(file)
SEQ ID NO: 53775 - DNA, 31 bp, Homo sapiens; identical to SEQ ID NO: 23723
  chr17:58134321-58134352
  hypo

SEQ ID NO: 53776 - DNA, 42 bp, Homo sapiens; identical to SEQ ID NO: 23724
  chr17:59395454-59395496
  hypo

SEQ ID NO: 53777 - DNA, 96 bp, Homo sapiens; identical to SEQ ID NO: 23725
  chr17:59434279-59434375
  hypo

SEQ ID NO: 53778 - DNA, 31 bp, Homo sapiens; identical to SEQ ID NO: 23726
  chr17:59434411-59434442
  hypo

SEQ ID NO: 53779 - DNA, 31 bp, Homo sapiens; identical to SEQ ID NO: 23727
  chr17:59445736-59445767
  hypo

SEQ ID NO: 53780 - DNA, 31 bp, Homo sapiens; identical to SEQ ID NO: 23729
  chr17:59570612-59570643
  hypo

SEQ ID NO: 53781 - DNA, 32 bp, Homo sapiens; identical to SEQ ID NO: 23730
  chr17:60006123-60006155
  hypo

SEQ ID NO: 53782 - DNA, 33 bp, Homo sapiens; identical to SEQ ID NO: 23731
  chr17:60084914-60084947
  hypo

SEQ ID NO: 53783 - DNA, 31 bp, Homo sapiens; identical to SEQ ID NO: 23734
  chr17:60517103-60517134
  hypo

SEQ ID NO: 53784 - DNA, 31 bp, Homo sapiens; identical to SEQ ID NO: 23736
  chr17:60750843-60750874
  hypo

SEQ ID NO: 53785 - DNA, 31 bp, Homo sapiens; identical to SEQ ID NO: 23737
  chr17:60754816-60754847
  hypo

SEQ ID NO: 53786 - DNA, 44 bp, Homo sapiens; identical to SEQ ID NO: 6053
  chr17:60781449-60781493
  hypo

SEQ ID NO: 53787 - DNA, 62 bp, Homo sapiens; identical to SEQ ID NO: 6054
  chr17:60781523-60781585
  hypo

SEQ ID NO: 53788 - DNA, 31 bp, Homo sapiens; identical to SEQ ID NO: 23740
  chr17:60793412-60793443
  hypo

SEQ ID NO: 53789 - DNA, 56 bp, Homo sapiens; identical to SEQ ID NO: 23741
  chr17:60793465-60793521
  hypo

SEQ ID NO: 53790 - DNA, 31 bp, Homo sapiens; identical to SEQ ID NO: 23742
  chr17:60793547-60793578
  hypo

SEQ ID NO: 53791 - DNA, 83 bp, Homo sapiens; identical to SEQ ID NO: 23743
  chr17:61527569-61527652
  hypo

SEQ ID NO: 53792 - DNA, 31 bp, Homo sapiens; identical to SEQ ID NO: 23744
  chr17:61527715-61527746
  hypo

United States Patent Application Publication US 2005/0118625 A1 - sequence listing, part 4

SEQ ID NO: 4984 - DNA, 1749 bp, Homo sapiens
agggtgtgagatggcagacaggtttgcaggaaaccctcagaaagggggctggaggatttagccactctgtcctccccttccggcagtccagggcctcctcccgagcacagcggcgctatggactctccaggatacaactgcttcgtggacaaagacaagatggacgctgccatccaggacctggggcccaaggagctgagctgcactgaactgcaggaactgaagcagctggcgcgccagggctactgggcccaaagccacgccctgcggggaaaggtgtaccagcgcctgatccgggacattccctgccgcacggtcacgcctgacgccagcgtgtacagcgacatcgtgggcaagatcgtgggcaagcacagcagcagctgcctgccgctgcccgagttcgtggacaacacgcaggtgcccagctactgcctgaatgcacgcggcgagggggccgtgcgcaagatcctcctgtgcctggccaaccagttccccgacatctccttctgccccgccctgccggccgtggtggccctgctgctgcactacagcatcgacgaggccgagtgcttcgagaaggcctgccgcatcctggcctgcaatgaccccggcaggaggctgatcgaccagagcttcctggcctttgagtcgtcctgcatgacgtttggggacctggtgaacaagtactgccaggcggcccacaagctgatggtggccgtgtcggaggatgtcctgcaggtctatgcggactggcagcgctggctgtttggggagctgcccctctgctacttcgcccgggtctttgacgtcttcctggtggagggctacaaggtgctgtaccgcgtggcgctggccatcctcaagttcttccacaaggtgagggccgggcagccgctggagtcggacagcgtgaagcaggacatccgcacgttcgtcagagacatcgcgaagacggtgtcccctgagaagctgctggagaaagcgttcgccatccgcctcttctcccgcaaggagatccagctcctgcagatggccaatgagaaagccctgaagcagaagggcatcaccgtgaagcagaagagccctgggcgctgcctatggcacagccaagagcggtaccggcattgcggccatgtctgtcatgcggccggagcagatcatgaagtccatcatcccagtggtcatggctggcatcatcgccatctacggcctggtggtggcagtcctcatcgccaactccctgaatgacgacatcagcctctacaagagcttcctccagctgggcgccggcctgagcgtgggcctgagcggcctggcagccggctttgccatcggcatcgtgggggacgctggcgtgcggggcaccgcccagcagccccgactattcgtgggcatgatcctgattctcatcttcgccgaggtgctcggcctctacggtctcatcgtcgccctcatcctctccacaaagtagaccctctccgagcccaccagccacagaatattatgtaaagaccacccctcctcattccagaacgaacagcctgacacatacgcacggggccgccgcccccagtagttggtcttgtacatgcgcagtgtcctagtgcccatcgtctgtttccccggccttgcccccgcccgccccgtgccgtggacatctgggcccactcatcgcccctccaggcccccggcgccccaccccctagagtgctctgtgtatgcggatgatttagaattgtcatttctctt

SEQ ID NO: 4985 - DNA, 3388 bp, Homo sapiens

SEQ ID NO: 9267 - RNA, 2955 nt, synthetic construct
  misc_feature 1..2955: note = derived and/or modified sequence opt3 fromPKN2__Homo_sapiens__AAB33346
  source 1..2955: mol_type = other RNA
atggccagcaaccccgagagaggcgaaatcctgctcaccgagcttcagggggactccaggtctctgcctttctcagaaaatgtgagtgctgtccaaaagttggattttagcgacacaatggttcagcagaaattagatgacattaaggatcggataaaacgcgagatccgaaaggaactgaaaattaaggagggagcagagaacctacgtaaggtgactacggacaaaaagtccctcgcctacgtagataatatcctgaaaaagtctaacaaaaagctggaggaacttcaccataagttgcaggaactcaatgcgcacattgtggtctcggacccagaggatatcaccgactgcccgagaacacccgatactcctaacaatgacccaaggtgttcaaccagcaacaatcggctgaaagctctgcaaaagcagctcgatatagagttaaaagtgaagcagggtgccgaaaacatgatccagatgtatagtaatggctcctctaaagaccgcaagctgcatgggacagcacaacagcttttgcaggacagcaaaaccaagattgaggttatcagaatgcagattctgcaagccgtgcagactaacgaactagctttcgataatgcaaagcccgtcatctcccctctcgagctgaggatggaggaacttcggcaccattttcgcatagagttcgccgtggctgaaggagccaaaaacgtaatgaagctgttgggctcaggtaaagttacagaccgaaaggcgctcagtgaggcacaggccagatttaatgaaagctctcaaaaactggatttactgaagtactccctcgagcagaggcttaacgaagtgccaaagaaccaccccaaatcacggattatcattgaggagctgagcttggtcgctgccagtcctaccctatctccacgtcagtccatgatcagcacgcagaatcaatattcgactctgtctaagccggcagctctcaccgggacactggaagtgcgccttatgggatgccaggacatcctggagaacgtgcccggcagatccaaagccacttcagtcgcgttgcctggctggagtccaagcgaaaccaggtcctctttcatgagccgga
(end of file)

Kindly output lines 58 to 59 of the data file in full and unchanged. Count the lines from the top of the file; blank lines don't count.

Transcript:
SEQ ID NO: 4985 - DNA, 3388 bp, Homo sapiens

SEQ ID NO: 9267 - RNA, 2955 nt, synthetic construct